With a clear understanding of the elder care needs and how you can contribute, the next step involves detailing a plan that aligns with everyone's expectations and capabilities. Here’s a common checklist to guide you through this process:

  1. Identify specific care needs: List down daily activities that require assistance and anticipate what that list might look like in 5, 10, 15 or 20 years.
  2. Explore care options: Research services and resources available in Chicago and Illinois for senior care, from home services for seniors like rides, meal delivery, handyman and cleaning, to in-home care, and in-home care aids. If your parents are considering downsizing or moving to senior care communities or assisted care, research the local area for options and pricing. 
  3. Discuss home modifications for Safety and Continued Aging: A few common home modifications can help make living at home easier and safer. Common modifications include non-slip protections in bathrooms, showers and under carpets, lighting fixtures to increase light, grab bars in toilets and bathrooms (or by the bedside), seated area for getting dressed, technology for auto lighting, safety doorbell cameras, and kitchen modifications to make accessing items and cooking easier.
  4. Set realistic goals: Together with your parents, decide on achievable objectives for enhancing their quality of life. These goals have to blend how they see their journey and the level of support they are willing to accept and at what time in their journey and the support you are capable of giving.
  5. Allocate tasks:  If you are lucky and there are more family members willing to support the journey, determine who in the family or community can contribute specific tasks or roles in caregiving. Some families may be far away and can tackle research, care coordination , delivery or even the daily or weekly phone calls to parents, where closer members might be better available for medical visits, and document management.
  6. Understand the Financial requirements of different care options: Consider consulting with eldercare experts in your area to ensure all critical aspects are covered including likely costs. Senior living and assisted living can come at considerable costs even if your parents are eager to go.  Alternatively, if in-come care or companions are required, it is important to understand and discuss the related financial and time requirements as well as who the primary caregiver will be.
  7. Keep Records and Regularly review the plan: Adapt and make changes as your parents' needs evolve or as new services become available. New services and support are available frequently.  Also, the list of legal documents, important contacts, access to accounts and passwords, banking, advanced care, medical records, power of attorney and  living trusts should be planned out and discussed.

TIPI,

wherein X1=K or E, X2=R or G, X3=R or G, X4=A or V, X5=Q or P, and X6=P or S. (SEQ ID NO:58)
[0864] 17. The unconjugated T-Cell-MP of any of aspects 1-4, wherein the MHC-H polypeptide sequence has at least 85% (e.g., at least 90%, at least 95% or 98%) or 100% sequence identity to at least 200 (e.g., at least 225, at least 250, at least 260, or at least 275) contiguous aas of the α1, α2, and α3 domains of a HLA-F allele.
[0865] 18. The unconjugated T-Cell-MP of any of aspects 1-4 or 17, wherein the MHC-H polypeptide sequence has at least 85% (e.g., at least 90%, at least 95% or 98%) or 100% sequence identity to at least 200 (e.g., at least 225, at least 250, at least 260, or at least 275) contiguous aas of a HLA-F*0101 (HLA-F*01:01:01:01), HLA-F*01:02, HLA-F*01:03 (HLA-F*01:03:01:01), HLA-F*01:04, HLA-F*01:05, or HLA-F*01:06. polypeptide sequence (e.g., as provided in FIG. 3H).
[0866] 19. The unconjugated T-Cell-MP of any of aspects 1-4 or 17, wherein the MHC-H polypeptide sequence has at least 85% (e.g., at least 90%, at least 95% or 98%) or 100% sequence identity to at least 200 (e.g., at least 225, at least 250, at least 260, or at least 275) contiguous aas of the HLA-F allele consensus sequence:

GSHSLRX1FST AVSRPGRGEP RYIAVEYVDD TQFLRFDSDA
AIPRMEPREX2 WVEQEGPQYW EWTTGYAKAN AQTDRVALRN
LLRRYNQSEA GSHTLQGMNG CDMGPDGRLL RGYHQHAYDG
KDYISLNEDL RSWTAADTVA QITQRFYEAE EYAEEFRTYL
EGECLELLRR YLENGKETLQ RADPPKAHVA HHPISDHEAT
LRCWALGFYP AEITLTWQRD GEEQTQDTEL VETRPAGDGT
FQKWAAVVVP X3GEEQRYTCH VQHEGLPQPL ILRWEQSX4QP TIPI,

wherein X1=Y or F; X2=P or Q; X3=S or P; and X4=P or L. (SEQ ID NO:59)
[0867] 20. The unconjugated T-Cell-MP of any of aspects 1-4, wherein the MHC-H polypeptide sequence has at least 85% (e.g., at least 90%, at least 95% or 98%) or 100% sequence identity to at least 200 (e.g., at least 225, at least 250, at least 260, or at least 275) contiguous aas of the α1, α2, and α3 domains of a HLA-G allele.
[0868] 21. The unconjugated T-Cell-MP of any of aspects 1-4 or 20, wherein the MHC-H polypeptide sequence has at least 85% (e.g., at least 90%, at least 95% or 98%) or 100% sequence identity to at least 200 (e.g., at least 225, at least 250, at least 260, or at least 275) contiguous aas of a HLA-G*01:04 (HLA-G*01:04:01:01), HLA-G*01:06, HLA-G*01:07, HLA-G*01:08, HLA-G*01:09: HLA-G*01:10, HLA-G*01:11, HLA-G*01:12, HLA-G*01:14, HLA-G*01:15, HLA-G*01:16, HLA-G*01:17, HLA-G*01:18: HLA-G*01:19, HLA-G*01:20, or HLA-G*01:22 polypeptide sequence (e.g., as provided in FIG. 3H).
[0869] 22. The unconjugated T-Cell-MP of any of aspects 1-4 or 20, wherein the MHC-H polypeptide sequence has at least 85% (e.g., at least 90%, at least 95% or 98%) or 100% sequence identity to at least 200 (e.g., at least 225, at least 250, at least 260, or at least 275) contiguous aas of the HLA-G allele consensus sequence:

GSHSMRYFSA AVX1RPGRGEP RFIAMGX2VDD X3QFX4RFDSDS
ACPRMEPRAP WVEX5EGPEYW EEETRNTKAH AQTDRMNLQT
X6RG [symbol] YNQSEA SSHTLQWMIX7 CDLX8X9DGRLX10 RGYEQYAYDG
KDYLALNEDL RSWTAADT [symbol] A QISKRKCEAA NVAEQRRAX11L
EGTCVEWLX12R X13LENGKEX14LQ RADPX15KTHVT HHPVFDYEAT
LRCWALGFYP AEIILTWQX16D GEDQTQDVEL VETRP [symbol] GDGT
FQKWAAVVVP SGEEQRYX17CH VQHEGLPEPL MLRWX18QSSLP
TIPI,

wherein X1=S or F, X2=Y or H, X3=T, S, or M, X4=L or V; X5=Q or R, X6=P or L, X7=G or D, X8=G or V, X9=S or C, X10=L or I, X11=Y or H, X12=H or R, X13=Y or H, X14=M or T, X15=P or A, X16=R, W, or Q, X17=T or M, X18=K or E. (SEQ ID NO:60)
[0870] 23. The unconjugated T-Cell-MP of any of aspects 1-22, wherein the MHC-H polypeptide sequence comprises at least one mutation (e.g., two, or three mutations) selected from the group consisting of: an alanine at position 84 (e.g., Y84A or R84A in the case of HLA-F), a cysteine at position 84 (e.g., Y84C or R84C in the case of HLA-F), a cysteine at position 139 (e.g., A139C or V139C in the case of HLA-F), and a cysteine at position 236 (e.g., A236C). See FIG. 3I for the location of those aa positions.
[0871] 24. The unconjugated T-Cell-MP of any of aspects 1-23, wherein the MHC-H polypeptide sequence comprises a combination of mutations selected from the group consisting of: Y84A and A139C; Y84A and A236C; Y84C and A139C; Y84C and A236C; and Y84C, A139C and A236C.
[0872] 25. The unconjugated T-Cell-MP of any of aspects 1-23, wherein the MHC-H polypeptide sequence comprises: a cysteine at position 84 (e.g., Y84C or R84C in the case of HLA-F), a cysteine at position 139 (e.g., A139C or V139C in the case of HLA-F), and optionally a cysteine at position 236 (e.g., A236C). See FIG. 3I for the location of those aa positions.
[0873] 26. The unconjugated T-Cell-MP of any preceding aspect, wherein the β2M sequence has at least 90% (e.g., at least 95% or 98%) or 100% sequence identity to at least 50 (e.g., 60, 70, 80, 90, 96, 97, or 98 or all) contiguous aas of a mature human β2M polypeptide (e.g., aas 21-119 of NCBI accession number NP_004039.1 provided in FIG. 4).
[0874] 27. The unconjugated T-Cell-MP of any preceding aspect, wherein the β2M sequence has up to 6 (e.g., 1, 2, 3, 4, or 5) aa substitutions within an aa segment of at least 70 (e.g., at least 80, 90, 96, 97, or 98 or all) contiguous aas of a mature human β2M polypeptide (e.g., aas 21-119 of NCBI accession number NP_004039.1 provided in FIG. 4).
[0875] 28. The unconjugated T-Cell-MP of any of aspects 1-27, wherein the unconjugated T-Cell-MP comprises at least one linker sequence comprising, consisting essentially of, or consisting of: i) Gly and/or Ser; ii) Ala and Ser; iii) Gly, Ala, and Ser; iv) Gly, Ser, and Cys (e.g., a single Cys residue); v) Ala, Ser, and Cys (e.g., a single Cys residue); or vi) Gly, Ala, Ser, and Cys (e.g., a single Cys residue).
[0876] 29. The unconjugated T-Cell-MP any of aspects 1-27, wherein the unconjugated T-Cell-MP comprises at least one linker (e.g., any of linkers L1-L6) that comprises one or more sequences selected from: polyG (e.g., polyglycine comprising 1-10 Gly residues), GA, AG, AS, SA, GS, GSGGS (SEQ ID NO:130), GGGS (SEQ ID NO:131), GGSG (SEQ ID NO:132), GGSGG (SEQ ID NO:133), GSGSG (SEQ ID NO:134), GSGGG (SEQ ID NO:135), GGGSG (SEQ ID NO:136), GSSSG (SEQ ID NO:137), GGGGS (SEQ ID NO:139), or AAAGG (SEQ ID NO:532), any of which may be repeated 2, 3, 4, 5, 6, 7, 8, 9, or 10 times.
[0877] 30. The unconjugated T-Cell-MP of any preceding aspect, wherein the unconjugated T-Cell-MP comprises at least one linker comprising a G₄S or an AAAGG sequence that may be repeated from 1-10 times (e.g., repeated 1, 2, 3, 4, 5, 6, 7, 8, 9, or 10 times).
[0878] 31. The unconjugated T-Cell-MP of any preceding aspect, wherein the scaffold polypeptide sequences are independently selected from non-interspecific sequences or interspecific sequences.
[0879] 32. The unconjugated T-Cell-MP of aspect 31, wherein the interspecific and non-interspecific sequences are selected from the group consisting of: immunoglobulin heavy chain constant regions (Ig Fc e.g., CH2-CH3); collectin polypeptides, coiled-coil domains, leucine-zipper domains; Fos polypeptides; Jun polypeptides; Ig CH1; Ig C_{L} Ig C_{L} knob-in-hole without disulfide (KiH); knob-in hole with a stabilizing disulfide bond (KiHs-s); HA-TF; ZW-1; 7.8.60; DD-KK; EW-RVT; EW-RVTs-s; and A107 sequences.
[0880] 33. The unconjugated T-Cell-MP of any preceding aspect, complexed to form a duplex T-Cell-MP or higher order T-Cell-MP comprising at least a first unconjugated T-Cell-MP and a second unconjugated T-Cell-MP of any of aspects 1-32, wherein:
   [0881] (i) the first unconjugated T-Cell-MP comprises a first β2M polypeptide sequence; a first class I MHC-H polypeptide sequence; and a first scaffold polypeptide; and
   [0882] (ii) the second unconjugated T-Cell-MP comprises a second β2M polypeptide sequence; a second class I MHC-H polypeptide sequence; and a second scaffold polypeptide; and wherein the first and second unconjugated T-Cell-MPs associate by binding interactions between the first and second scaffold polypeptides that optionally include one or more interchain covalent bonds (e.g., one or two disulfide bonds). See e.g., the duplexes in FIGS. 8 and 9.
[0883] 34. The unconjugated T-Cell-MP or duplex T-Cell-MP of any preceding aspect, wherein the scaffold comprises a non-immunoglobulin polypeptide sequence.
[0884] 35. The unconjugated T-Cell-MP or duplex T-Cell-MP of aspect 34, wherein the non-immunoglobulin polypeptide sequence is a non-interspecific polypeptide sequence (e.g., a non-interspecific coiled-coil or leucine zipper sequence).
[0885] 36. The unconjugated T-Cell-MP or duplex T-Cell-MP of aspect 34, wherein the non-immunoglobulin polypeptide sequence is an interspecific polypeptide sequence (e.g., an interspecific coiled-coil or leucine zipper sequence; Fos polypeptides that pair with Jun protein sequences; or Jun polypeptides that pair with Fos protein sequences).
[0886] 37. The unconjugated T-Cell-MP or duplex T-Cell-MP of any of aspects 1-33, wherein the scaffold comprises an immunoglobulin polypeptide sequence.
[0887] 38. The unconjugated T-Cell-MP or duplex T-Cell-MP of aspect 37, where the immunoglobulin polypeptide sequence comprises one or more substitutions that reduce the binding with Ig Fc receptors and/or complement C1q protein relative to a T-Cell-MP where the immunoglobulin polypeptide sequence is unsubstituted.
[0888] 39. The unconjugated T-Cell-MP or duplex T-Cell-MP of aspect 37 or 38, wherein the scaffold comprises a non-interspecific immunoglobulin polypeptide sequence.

8. Manage Expectation: Please remember that no one solution, need, family or relationship is the same. Remember that you can likely only manage what you are willing to do, and not be able to predict how other family members will contribute or how your parents will react.

 Caring for aging parents is a role many face in the Sandwich Generation. It is an individual choice the extent to which you want to offer help and a possible juggle of expectations you put on yourself or is placed upon you.  It is worth reiterating that it is a personal choice for all adult children to make for themselves in the same way it is a choice for all aging adults the level of care and support they are willing to accept or ask for. While the statistics from Chicago may initially paint a picture of hesitation, they also highlight an essential truth—the silent hope many seniors have in the willingness of their children to step into a role of support when the time comes. It is clear that most do not wish to burden their children.

In undertaking any task, remember that support comes in various forms and that every gesture of care, no matter how small, can be helpful if there is a willing giver and willing receiver. By fostering open communication, understanding each other's needs and limitations, and approaching each step with compassion and purpose, we can ensure that the twilight years of our loved ones are as enriching and dignified as possible. Waiting for a care crisis can create a lot of unnecessary friction and anxiety.

The road might be fraught with challenges, but there can be benefits—moments of connection, stories shared, and the peace of knowing you've provided compassionate support—can be priceless. There are loads of resources and support available online and in every area.